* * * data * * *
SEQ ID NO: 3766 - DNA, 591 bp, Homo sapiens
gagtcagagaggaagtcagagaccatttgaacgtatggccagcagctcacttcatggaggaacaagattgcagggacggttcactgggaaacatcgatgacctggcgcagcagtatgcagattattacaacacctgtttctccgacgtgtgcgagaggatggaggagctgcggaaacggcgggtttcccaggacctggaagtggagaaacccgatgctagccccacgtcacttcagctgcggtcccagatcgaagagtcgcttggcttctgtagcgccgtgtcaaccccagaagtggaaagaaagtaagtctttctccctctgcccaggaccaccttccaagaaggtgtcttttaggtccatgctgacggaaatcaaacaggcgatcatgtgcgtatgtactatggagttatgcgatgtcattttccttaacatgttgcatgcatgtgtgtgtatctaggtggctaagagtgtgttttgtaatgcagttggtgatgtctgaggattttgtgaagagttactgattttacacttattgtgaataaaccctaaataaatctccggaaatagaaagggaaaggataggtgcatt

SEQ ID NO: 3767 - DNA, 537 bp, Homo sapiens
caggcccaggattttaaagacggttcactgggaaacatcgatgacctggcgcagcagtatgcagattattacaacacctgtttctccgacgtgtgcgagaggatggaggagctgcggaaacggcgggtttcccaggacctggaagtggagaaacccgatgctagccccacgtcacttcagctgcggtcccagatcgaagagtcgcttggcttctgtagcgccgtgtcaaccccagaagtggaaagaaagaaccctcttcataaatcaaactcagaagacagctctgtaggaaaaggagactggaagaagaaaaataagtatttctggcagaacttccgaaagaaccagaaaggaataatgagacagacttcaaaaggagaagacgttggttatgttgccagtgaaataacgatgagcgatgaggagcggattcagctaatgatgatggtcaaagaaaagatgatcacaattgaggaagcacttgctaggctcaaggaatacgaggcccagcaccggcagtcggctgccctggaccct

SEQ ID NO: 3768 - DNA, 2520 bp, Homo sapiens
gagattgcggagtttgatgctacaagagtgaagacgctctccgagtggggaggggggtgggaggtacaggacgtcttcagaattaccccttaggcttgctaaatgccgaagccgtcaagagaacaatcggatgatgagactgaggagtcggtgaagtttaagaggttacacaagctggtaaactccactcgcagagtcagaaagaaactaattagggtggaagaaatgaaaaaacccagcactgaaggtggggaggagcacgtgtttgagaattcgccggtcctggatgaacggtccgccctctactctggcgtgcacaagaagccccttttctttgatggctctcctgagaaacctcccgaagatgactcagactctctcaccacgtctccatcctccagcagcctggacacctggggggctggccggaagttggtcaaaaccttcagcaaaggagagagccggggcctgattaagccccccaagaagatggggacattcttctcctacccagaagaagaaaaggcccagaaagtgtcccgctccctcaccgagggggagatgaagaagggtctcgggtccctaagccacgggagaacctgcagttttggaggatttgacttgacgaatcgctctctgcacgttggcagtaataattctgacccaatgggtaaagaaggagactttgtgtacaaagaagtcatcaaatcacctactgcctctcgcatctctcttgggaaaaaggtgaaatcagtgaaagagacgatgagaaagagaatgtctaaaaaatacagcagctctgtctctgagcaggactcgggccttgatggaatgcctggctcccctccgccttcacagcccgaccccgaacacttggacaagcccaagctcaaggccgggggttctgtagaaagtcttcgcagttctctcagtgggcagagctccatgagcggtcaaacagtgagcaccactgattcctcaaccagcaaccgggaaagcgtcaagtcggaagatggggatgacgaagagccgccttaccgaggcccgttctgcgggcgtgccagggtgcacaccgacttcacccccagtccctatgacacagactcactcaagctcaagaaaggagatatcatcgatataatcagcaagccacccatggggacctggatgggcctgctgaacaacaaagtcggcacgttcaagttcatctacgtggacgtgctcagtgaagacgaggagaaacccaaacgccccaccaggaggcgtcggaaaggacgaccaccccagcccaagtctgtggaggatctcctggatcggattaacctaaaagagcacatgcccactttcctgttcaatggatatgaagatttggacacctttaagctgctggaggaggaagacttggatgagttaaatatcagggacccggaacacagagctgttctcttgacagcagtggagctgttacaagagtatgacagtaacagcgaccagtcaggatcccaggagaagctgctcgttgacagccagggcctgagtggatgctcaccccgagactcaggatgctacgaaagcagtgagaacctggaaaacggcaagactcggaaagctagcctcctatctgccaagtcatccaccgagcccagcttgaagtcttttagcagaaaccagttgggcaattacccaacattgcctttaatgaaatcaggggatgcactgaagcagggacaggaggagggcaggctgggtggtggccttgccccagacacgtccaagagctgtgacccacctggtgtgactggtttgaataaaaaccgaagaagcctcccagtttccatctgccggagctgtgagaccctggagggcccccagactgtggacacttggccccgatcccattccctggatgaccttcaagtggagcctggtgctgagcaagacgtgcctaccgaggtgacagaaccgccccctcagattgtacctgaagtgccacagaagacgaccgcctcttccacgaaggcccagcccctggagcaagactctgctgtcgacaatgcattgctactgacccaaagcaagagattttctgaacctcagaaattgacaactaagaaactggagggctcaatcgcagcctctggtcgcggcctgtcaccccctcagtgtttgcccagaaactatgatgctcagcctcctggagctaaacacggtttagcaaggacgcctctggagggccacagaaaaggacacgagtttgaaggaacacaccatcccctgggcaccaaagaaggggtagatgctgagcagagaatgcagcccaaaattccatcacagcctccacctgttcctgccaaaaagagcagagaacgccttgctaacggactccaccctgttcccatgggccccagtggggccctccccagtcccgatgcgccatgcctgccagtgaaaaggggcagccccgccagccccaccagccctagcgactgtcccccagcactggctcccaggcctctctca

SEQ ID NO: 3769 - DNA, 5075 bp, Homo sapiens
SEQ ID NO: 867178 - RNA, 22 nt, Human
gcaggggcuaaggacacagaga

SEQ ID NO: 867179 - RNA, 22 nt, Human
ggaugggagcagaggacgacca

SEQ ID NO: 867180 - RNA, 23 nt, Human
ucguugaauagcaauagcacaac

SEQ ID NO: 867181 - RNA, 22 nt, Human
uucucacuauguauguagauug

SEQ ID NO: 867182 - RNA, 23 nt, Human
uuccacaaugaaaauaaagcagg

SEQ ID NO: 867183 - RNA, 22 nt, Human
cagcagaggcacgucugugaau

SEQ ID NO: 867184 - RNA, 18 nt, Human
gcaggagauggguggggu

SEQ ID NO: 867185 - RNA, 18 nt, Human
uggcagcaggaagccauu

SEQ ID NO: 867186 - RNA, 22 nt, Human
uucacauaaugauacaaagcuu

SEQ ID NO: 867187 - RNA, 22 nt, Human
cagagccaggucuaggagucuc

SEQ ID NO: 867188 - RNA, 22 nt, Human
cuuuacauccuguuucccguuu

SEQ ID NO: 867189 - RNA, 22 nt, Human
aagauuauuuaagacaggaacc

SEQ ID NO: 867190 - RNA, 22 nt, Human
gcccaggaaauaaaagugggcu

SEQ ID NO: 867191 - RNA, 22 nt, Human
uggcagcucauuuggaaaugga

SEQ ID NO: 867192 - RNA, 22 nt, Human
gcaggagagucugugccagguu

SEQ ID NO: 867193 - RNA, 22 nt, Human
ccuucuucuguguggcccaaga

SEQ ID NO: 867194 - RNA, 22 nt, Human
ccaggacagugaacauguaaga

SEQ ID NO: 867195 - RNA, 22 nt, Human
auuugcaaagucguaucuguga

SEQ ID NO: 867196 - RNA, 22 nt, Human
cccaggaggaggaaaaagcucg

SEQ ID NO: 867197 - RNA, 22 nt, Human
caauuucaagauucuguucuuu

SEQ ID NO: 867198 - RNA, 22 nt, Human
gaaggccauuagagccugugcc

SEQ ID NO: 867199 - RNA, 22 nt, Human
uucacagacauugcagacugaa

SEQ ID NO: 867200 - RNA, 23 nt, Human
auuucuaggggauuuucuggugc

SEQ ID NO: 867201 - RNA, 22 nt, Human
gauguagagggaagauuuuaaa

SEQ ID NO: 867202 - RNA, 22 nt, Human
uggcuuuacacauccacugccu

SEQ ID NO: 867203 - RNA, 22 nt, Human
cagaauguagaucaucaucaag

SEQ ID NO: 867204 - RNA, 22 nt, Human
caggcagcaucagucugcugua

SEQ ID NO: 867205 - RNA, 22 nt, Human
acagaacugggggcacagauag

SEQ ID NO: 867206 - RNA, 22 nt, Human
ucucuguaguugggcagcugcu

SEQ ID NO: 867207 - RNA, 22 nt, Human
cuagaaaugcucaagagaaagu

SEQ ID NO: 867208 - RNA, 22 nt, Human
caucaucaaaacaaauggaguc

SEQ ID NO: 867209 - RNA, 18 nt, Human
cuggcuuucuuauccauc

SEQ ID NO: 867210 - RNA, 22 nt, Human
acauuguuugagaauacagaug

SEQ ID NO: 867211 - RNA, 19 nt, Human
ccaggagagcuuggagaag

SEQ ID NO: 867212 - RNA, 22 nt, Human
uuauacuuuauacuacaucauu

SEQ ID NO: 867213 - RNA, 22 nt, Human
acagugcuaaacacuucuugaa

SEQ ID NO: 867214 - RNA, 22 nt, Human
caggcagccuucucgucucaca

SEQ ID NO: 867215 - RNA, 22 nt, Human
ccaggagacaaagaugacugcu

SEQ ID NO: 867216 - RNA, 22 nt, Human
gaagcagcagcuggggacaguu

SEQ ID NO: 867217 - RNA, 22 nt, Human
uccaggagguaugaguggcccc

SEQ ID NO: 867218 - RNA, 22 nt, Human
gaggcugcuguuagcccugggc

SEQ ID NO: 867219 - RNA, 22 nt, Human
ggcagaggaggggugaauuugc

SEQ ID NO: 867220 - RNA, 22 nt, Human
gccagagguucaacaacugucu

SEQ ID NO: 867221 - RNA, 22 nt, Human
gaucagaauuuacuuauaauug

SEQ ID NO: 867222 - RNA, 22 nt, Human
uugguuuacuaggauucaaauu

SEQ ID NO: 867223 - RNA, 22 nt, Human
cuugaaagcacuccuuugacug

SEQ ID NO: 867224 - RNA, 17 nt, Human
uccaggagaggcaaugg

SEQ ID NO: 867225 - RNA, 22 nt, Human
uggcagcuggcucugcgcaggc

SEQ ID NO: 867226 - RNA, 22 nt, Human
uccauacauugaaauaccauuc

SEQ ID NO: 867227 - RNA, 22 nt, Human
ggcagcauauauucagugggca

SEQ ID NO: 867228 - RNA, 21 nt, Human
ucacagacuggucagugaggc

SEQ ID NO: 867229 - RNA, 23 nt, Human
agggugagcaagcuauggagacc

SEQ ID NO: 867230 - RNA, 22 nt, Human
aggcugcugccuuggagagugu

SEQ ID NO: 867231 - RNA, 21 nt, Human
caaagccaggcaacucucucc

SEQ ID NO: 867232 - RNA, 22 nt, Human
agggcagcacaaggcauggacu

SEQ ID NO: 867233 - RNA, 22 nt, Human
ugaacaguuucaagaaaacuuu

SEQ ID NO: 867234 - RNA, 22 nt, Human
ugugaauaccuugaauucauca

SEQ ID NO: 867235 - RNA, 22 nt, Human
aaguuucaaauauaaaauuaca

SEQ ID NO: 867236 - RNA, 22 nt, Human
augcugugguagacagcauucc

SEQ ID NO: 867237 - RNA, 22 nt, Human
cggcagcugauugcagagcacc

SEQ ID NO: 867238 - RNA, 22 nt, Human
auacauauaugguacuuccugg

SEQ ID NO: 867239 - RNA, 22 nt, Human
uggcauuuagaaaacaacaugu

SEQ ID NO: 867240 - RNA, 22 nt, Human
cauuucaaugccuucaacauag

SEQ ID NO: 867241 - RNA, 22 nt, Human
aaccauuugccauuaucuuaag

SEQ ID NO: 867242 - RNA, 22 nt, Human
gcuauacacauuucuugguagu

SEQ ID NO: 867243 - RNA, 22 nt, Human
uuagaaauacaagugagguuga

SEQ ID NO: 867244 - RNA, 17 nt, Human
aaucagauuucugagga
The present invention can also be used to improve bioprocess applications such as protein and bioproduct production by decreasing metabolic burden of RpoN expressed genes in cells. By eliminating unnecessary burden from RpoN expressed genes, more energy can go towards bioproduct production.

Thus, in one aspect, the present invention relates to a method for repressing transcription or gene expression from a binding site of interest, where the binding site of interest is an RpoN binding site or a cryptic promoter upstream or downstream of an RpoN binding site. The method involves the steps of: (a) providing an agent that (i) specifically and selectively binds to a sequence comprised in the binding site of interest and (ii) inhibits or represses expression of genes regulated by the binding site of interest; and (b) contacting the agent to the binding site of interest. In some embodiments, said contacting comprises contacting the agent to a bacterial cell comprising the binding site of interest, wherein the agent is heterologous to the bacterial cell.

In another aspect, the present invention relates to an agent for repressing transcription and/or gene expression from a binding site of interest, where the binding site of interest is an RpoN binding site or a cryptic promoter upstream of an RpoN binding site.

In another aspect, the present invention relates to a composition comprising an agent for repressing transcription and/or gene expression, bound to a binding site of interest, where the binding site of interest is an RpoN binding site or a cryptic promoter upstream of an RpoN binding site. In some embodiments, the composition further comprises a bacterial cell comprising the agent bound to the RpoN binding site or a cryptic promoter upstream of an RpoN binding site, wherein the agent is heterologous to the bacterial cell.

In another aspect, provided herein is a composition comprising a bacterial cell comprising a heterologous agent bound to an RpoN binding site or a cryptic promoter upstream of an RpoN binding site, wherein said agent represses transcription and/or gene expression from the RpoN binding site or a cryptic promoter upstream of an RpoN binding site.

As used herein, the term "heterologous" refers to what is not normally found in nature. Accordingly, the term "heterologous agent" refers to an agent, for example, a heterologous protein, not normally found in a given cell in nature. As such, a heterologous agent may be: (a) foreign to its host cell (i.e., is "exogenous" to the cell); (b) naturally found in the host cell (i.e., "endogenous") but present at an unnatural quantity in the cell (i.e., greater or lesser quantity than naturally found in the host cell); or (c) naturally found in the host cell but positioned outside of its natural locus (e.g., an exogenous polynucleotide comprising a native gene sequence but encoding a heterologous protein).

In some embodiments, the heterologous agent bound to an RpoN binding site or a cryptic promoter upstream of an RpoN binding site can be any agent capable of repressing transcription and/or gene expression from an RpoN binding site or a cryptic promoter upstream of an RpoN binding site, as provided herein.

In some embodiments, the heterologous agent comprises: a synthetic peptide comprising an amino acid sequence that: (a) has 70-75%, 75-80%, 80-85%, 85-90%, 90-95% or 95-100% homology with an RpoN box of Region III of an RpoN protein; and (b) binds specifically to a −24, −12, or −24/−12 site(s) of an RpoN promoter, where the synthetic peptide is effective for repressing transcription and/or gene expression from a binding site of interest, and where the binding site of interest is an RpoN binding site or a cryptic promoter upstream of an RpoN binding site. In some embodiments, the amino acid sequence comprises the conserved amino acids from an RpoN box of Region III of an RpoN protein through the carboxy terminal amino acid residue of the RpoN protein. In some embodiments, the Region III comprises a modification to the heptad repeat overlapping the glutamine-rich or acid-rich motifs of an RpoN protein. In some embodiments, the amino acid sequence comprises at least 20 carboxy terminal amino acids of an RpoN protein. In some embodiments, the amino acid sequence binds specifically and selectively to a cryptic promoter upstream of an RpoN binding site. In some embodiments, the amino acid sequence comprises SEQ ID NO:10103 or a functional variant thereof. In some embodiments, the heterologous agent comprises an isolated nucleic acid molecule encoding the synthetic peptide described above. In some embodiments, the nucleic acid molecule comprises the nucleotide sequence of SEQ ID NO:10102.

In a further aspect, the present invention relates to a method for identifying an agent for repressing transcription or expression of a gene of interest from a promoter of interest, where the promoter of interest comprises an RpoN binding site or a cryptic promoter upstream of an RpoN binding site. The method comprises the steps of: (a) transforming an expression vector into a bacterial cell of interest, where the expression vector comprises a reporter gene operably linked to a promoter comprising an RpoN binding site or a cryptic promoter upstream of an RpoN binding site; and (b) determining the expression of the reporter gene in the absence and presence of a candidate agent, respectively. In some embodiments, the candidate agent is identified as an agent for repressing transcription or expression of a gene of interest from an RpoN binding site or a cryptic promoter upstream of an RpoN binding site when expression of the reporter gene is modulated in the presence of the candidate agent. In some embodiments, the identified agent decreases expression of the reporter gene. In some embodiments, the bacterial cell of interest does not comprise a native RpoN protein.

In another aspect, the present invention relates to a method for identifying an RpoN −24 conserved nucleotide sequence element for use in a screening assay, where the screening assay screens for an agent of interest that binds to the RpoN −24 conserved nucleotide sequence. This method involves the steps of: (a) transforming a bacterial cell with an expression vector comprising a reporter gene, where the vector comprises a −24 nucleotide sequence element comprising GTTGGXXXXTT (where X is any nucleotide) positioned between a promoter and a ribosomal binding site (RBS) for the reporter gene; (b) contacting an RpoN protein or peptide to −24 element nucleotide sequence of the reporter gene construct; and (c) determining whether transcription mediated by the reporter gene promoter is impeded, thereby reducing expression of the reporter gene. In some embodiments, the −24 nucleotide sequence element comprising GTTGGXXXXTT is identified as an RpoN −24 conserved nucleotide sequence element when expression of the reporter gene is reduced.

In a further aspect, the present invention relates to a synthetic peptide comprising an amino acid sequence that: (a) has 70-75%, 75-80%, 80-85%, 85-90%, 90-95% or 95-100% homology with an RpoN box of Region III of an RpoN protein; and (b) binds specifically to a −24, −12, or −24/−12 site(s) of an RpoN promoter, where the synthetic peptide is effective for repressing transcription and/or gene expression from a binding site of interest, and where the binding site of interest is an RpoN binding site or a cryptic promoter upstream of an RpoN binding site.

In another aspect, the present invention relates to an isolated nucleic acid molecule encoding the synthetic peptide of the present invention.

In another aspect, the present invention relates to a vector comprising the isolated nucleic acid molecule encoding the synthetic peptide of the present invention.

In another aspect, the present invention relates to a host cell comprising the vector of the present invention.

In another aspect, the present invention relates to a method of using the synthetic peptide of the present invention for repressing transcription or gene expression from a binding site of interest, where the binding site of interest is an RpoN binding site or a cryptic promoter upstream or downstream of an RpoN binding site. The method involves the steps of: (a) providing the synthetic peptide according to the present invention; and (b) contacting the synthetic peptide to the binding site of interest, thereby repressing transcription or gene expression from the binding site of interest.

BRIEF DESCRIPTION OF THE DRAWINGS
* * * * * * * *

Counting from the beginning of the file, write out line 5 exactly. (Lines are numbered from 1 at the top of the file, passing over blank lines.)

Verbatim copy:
SEQ ID NO: 3768 - DNA, 2520 bp, Homo sapiens